Sunday, 23 April 2017

Promoting the Wealth of Nations before Adam Smith

It is a truth universally acknowledged that an economics students at the University of Glasgow at some point has to discuss and research Adam Smith. Preparing for this weekend at the Austrian Economics Meeting in Europe (AEME) in Krakow, Poland, I did precisely that. The result of this little project is available as an essay here (‘Promoting the Wealth of Nations Before Adam Smith’). The work was not as comprehensive as I would have liked, but then again the literature on Adam Smith is a black hole, an endeavour which I had neither time nor motivation to pursue.

What I did instead however, was briefly comparing Adam Smith to somebody who’s been called “The father of Swedish liberalism” and the “Finnish Turgot” among other things. His work has been rather neglected, most likely explained by the fact that English translations of his work have been few and far between. A few years ago, the Anders Chydenius Foundation (in collaboration with regional association and universities) started publishing the Collected Works of Anders Chydenius, the most useful of which for an international audience is the 2012 Routledge book by Jonasson & Hyttinen ( review here), with valuable comments by Swedish economic historian Lars Magnusson: Anticipating the Wealth of Nations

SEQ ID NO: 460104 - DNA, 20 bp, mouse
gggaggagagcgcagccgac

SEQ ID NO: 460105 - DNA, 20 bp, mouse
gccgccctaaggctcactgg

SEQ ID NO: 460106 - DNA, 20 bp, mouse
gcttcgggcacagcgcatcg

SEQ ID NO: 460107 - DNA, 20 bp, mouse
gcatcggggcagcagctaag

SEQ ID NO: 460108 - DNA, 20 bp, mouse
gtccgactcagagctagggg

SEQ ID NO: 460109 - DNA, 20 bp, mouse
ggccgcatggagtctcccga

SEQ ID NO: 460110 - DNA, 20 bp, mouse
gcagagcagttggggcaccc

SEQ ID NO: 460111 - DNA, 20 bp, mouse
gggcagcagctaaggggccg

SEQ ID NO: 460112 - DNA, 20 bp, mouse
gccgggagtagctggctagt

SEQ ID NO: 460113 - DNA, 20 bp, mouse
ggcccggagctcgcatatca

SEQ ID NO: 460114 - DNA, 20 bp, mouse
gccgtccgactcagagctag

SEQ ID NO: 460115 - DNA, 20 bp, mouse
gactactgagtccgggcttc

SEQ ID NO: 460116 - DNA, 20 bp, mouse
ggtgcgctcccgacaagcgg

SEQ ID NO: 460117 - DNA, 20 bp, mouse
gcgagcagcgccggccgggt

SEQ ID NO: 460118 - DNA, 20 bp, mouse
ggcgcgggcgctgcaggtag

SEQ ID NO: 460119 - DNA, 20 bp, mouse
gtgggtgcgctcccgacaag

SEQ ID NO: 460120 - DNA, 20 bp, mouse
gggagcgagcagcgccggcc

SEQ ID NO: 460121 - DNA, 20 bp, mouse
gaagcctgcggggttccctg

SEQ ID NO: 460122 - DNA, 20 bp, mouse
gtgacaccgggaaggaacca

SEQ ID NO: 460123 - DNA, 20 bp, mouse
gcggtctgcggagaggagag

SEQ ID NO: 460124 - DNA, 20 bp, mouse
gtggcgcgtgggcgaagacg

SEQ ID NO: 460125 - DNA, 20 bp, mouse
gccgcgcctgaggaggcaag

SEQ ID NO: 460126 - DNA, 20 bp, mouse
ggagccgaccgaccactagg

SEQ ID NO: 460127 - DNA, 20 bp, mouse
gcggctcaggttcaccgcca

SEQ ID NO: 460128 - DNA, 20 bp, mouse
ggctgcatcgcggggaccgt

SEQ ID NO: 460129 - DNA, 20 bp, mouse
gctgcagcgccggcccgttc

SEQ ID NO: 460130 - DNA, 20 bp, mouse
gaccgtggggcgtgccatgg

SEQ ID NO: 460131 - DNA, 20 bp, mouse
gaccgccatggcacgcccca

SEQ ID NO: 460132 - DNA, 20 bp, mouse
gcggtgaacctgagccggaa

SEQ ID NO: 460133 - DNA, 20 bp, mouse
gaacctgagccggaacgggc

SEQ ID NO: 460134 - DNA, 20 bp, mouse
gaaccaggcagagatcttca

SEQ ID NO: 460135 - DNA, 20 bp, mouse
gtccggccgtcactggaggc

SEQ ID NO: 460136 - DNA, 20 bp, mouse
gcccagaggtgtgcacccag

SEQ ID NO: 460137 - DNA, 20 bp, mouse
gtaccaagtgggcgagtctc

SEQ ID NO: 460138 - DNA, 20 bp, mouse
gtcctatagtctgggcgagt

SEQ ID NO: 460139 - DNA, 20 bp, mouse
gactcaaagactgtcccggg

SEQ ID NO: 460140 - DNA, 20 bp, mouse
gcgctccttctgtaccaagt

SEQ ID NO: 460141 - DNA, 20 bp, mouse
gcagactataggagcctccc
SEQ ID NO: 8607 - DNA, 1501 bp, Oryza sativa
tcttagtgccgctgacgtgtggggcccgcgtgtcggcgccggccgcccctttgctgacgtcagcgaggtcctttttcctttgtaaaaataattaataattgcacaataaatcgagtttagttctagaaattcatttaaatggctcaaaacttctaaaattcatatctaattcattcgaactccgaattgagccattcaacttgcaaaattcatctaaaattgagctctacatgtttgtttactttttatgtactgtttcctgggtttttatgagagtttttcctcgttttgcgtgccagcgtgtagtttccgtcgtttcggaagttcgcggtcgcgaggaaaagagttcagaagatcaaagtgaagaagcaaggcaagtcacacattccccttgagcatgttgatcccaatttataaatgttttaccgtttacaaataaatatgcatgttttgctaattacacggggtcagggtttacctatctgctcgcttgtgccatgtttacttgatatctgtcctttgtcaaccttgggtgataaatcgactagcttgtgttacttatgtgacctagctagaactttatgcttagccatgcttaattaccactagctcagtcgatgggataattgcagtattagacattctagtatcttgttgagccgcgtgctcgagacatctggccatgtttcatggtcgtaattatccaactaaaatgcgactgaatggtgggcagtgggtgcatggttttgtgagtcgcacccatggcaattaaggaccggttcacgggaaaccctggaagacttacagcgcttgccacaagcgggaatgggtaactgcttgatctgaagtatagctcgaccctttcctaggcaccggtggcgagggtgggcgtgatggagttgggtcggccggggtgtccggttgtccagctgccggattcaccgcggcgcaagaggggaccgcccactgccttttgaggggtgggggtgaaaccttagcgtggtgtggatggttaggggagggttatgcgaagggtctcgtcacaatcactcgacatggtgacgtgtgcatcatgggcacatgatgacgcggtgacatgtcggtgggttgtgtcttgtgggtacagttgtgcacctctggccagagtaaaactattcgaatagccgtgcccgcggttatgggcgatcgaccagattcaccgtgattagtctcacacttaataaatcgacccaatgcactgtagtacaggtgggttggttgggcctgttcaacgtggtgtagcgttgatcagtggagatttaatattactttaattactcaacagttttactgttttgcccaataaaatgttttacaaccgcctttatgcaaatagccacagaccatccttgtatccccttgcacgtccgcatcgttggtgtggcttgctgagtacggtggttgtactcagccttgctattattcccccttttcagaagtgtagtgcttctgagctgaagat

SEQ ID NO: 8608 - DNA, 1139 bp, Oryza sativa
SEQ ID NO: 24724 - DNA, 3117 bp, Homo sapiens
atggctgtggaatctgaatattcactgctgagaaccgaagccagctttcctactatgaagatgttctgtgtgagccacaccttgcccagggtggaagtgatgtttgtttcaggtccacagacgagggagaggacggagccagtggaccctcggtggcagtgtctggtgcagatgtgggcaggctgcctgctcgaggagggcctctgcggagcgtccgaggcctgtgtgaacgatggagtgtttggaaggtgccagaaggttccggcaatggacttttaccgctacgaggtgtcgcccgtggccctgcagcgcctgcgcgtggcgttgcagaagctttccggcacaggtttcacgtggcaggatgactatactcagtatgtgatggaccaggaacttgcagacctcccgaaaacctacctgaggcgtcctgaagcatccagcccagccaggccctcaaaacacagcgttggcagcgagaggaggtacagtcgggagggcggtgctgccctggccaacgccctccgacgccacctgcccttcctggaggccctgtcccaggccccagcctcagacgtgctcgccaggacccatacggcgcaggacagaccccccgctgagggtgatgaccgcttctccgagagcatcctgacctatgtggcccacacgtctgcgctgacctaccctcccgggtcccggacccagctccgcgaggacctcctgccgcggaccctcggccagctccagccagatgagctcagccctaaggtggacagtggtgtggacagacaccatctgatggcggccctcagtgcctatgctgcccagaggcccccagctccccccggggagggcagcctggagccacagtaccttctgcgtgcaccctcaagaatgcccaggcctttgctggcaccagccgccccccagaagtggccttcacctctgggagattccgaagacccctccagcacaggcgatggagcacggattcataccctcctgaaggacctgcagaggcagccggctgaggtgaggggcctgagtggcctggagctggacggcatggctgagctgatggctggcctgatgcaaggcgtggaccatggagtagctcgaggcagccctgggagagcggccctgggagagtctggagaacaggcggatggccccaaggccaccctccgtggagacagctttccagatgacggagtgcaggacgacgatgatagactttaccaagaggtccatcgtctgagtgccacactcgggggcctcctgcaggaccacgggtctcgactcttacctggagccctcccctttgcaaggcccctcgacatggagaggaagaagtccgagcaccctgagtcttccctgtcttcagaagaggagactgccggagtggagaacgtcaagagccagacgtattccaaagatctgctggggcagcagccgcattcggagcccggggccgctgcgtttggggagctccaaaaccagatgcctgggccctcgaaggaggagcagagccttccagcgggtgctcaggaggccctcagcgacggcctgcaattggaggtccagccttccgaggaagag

So, what’s the story with this Chydenius? 
In a remote area of the mid-18th century Swedish realm, Chydenius, an ordinary chaplain in what is currently Finland spoke up against mercantilist trade regulations, taxes and censorship, was elected to parliament and advanced the ideas of Swedish liberalism perhaps more than anybody else. He has been compared to Adam Smith and A.R.J. Turgot, and his most famous work, The National Gain, preceded Smith’s An Inquiry Into the Nature and Causes of the Wealth of Nations by over a decade. Interestingly enough, from an Austrian perspective, Chydenius is given about a page in Rothbard’s remarkable Austrian Perspective on the History of Economic Thought. Rothbard mentioned his work on free trade and natural law and his opposition to the deflationary policy suggested by the Cap government, before calling him “poorly read”. (pp. 219-220). Partly applicable, considering that his only exposure to the vibrant economic ideas present on the continent during the mid-1700s, was through a number of Swedish contemporary economists discussing it.